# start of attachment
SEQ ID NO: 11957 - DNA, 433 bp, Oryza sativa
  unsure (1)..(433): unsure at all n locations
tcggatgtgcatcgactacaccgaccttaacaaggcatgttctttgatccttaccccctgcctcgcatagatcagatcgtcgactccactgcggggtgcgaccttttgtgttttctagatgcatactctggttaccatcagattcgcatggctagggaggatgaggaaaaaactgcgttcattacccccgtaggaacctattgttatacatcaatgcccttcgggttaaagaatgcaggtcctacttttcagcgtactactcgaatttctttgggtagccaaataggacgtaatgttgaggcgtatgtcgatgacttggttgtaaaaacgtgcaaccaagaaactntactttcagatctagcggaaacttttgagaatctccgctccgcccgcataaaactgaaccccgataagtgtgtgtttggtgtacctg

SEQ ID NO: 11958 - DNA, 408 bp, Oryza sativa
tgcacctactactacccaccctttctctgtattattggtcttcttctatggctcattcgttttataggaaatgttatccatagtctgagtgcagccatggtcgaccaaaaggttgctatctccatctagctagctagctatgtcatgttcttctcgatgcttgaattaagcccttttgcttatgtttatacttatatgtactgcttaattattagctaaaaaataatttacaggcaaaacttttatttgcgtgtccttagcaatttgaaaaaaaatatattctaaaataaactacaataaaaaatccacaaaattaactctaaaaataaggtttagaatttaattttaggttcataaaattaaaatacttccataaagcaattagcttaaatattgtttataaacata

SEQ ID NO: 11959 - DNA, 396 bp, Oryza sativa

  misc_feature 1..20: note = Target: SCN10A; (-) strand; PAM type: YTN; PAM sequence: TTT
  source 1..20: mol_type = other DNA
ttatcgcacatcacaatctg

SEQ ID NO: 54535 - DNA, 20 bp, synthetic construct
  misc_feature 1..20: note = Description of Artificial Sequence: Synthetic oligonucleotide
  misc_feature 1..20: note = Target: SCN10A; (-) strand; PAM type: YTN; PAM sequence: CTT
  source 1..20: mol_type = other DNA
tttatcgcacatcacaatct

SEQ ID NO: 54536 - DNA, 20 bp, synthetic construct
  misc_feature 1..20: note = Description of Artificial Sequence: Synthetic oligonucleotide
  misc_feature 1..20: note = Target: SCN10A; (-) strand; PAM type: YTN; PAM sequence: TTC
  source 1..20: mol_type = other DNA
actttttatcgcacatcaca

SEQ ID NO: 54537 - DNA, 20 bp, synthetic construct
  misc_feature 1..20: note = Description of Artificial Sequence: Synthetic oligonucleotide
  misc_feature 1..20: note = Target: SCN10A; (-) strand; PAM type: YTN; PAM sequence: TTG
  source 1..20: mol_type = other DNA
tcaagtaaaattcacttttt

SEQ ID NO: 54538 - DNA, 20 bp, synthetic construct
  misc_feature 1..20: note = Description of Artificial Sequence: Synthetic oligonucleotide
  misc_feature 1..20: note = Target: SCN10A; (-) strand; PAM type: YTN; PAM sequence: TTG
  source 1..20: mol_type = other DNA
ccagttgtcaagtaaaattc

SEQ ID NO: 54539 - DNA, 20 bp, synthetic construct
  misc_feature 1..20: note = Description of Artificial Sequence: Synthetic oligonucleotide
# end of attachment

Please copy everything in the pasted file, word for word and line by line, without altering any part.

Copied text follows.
SEQ ID NO: 11957 - DNA, 433 bp, Oryza sativa
  unsure (1)..(433): unsure at all n locations
tcggatgtgcatcgactacaccgaccttaacaaggcatgttctttgatccttaccccctgcctcgcatagatcagatcgtcgactccactgcggggtgcgaccttttgtgttttctagatgcatactctggttaccatcagattcgcatggctagggaggatgaggaaaaaactgcgttcattacccccgtaggaacctattgttatacatcaatgcccttcgggttaaagaatgcaggtcctacttttcagcgtactactcgaatttctttgggtagccaaataggacgtaatgttgaggcgtatgtcgatgacttggttgtaaaaacgtgcaaccaagaaactntactttcagatctagcggaaacttttgagaatctccgctccgcccgcataaaactgaaccccgataagtgtgtgtttggtgtacctg

SEQ ID NO: 11958 - DNA, 408 bp, Oryza sativa
tgcacctactactacccaccctttctctgtattattggtcttcttctatggctcattcgttttataggaaatgttatccatagtctgagtgcagccatggtcgaccaaaaggttgctatctccatctagctagctagctatgtcatgttcttctcgatgcttgaattaagcccttttgcttatgtttatacttatatgtactgcttaattattagctaaaaaataatttacaggcaaaacttttatttgcgtgtccttagcaatttgaaaaaaaatatattctaaaataaactacaataaaaaatccacaaaattaactctaaaaataaggtttagaatttaattttaggttcataaaattaaaatacttccataaagcaattagcttaaatattgtttataaacata

SEQ ID NO: 11959 - DNA, 396 bp, Oryza sativa

  misc_feature 1..20: note = Target: SCN10A; (-) strand; PAM type: YTN; PAM sequence: TTT
  source 1..20: mol_type = other DNA
ttatcgcacatcacaatctg

SEQ ID NO: 54535 - DNA, 20 bp, synthetic construct
  misc_feature 1..20: note = Description of Artificial Sequence: Synthetic oligonucleotide
  misc_feature 1..20: note = Target: SCN10A; (-) strand; PAM type: YTN; PAM sequence: CTT
  source 1..20: mol_type = other DNA
tttatcgcacatcacaatct

SEQ ID NO: 54536 - DNA, 20 bp, synthetic construct
  misc_feature 1..20: note = Description of Artificial Sequence: Synthetic oligonucleotide
  misc_feature 1..20: note = Target: SCN10A; (-) strand; PAM type: YTN; PAM sequence: TTC
  source 1..20: mol_type = other DNA
actttttatcgcacatcaca

SEQ ID NO: 54537 - DNA, 20 bp, synthetic construct
  misc_feature 1..20: note = Description of Artificial Sequence: Synthetic oligonucleotide
  misc_feature 1..20: note = Target: SCN10A; (-) strand; PAM type: YTN; PAM sequence: TTG
  source 1..20: mol_type = other DNA
tcaagtaaaattcacttttt

SEQ ID NO: 54538 - DNA, 20 bp, synthetic construct
  misc_feature 1..20: note = Description of Artificial Sequence: Synthetic oligonucleotide
  misc_feature 1..20: note = Target: SCN10A; (-) strand; PAM type: YTN; PAM sequence: TTG
  source 1..20: mol_type = other DNA
ccagttgtcaagtaaaattc

SEQ ID NO: 54539 - DNA, 20 bp, synthetic construct
  misc_feature 1..20: note = Description of Artificial Sequence: Synthetic oligonucleotide